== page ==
SANS now compiles a list of "The Twenty Most Critical Internet Security Vulnerabilities," published once a year. SANS collects the most dangerous and commonly attacked vulnerabilities from a worldwide group of contributors (one of the authors of this book included) and then lets them vote on what are the 20 most critical. Nowadays, the list is split into two parts , for Unix and Windows. We will be focusing on a Unix list here. Here is how the recent "Top 20" lists looked .

The top vulnerabilities in Unix Systems in 2002 included:

  1. BIND/Domain Name System

  2. Remote Procedure Calls (RPC)

  3. Apache web server

  4. General Unix authentication (accounts with no passwords or weak passwords)

  5. Clear-text services

  6. sendmail

  7. Simple Network Management Protocol (SNMP)

  8. Secure Shell (SSH)

  9. Misconfiguration of enterprise services NIS/NFS

  10. Open Secure Sockets Layer (OpenSSL)

And the top vulnerabilities to Unix Systems in 2002 included:

  1. Remote Procedure Calls (RPC)

  2. Apache web server

  3. Secure Shell (SSH)

  4. Simple Network Management Protocol (SNMP)

  5. File Transfer Protocol (FTP)

  6. R-Services ”trust relationships

  7. Line Printer Daemon (LPD)

  8. sendmail

  9. BIND/DNS

  10. General Unix authentication (accounts with no passwords or weak passwords)

In 2001, the list was called "Top 10" and combined Unix and Windows. Here are the Unix entries (we have cut out the WIndows entry, leaving only those that are Unix- related ):

  1. BIND weaknesses: nxt, qinv and in.named allow immediate root compromise

  2. Vulnerable CGI programs and application extensions (e.g., ColdFusion) installed on web servers

  3. Remote Procedure Call (RPC) weaknesses in rpc.ttdbserverd (ToolTalk), rpc.cmsd (Calendar Manager), and rpc.statd that allow immediate root compromise

  4. sendmail and MIME buffer overflows as well as pipe attacks that allow immediate root compromise

  5. sadmind and mountd

  6. Unix NFS exports on port 2049, or Macintosh web sharing or AppleShare/IP on ports 80, 427, and 548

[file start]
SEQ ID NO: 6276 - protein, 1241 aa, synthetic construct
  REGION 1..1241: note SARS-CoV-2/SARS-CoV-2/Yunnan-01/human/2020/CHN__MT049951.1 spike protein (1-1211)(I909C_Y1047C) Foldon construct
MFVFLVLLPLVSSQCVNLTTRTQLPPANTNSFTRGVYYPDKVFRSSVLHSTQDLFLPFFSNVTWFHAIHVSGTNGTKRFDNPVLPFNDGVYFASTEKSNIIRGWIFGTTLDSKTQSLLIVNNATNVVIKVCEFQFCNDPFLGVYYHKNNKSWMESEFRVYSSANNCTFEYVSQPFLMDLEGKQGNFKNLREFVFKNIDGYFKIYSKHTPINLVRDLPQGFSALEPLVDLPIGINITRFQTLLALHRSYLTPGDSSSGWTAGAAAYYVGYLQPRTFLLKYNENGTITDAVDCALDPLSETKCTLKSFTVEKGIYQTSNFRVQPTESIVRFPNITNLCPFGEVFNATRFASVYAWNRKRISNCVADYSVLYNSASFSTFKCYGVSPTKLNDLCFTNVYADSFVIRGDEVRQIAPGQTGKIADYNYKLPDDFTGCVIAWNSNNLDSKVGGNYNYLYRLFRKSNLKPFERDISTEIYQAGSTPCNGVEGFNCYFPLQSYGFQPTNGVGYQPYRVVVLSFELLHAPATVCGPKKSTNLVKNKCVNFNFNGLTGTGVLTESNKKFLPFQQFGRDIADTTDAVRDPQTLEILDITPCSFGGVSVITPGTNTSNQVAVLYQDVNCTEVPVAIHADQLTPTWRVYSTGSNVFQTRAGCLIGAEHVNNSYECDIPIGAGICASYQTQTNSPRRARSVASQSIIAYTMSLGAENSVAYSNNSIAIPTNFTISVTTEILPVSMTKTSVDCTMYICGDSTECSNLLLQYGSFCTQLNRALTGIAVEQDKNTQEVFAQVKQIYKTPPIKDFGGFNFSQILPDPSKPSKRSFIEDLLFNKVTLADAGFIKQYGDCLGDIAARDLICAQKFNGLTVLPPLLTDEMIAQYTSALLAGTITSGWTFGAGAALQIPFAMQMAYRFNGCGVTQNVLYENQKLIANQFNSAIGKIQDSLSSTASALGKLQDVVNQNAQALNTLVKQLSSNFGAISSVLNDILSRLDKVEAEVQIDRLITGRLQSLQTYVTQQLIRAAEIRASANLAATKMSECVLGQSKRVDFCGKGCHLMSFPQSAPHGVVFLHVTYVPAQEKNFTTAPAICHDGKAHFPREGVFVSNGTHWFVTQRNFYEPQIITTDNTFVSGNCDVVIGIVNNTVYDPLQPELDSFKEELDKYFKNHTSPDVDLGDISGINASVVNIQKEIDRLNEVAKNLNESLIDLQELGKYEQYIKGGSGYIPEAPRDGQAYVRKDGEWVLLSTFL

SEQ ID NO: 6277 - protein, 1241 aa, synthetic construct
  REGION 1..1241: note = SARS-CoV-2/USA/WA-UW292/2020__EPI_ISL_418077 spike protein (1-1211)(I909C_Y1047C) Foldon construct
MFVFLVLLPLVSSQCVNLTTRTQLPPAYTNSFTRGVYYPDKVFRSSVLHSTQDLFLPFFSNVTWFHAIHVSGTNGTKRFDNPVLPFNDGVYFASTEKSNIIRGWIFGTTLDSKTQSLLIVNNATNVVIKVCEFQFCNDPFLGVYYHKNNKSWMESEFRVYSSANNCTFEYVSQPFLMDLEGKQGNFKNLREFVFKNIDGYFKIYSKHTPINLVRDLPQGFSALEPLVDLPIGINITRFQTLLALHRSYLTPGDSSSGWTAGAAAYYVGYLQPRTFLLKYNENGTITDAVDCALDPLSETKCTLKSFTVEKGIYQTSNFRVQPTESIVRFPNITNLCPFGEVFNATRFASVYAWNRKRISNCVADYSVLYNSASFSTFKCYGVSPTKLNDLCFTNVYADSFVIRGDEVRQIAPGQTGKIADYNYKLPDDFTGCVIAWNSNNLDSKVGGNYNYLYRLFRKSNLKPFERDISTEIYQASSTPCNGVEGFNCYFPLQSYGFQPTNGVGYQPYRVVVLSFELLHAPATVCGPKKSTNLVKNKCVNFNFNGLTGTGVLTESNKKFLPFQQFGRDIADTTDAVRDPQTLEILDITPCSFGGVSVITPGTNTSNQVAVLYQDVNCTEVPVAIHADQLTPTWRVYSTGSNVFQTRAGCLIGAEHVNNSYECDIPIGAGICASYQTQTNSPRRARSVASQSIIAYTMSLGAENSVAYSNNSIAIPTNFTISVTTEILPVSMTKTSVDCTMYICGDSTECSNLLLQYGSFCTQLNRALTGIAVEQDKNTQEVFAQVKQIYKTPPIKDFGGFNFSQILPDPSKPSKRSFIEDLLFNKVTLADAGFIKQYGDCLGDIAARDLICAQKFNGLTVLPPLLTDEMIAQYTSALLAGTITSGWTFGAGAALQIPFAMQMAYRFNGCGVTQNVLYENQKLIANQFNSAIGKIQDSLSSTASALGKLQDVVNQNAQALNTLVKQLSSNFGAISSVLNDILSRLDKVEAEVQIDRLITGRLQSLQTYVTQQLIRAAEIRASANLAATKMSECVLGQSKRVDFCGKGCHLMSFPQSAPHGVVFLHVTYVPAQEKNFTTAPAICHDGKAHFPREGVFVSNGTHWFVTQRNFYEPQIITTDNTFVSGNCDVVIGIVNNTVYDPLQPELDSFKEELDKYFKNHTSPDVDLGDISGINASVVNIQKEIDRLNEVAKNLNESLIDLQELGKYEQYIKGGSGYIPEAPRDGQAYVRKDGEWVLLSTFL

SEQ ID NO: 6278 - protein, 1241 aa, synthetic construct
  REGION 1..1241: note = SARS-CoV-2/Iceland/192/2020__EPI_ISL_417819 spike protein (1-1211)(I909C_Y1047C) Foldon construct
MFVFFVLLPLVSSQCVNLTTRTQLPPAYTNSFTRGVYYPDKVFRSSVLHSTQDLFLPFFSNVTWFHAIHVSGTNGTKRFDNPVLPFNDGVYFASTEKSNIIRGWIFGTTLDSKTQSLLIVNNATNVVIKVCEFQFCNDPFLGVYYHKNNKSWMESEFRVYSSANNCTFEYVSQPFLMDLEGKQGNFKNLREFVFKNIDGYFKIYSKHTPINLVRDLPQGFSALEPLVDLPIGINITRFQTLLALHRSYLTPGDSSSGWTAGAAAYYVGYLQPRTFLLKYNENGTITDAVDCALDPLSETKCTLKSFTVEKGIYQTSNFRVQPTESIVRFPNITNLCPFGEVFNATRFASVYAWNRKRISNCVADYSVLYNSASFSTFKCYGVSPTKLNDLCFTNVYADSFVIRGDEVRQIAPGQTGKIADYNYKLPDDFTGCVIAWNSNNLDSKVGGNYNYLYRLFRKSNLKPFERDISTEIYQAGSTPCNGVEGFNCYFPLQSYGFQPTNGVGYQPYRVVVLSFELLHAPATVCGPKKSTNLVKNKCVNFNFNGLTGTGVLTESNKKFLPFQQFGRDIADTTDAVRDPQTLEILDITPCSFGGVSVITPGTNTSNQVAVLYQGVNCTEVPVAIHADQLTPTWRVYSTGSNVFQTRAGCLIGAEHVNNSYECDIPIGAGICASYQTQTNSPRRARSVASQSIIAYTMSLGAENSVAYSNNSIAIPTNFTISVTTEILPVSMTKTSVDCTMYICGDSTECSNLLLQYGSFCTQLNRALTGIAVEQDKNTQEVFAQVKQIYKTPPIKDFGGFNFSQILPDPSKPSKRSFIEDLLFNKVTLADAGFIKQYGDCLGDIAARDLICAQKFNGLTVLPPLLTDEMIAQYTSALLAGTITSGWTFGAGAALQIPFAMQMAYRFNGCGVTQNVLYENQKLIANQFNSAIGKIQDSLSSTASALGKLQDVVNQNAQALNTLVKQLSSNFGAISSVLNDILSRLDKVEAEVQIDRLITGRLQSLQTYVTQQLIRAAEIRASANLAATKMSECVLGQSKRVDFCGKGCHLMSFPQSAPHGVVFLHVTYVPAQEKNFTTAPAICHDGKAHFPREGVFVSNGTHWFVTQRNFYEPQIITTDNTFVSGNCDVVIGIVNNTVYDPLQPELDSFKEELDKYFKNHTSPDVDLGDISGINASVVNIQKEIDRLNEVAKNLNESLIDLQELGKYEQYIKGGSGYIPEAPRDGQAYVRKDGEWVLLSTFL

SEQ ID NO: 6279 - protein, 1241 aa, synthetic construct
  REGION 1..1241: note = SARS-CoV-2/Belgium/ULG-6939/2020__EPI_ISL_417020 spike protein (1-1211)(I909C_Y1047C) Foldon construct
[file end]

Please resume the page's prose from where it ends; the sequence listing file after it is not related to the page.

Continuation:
7. User IDs, especially root/administrator with no passwords or weak passwords

  8. IMAP and POP buffer overflow vulnerabilities or incorrect configuration

  9. Default SNMP community strings set to "public" and "private"

Now, at this point, the reader might ask what this has to do with our discussion on Unix attacks categorized by port. The following table demonstrates the relation. Table 12-1 summarizes the entries from the SANS top attack lists by port to show the commonly attacked Unix ports. It will be obvious that some of the ports are true attackers' favorites, while others become important or fade away as a target.

Table 12-1. Most-attacked Unix ports

Unix application

Protocol

Port

Year

Common attacks

BIND

TCP, UDP

53

2001, 2002, 2003

Known vulnerabilities, information leak

RPC

TCP

111+ [3]

2001, 2002, 2003

Known vulnerabilities

Apache, CGI

TCP

80,443

2001, 2002, 2003

Known vulnerabilities, brute force, information leak

Unix authentication

TCP

21,22,23+ [4]

2002, 2003

Brute force, information leak

Unix clear-text services

TCP

21,23,25,80, 110, 143, 161, 512,513,514+

2003

Sniffing, information leak

sendmail

TCP

25

2001, 2002, 2003

Known vulnerabilities

SNMP

TCP, UDP

161,162

2001, 2002, 2003

Known vulnerabilities,information leak

SSH

TCP

22

2002, 2003

Known vulnerabilities, brute force

NIS/NFS

TCP, UDP

2049

2001, 2003

Known vulnerabilities,information leak

SSL applications

TCP

25,995,443+ [5]

2003

Known vulnerabilities

FTP

TCP

21,20

2002

Known vulnerabilities, brute force, sniffing, information leak

R-services [6] remote session

TCP

512,513,514

2002

Known vulnerabilities, brute force, sniffing, information leak

IMAP and POP mail retrieval

TCP

110,143

2001

Known vulnerabilities, brute force, sniffing, information leak

LPD

TCP

515

2002

Known vulnerabilities, DoS

[3] The plus sign indicates that other "ephemeral" ports are also used by this service.

[4] Various Unix services use remote password-based authentication ”only common ones are shown.

[5] SSL may be used by many other services, such as SMTP, POP3, IMAP, HTTP, and custom applications.

[6] Remote login (rlogin), remote shell (rsh) and remote copy (rcp). Today largely historical

Table 12-1 shows the recently attacked Unix ports. Indeed, as indicated by the Unix honeynet research conducted by one of the authors, the observed attack activity closely matches the above table. For example, FTP attacks were subsiding in 2003, while RPC is as popular as ever (due to recent vulnerabilities in Linux systems).

To conclude, it is important to be aware of attacks on various ports on Unix systems ”and some ports are more important for both attackers (better availability of attack tools) and defenders (more bang for the buck for the protection measures).

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Security Warrior
Security Warrior
ISBN: 0596005458
EAN: 2147483647
Year: 2004
Pages: 211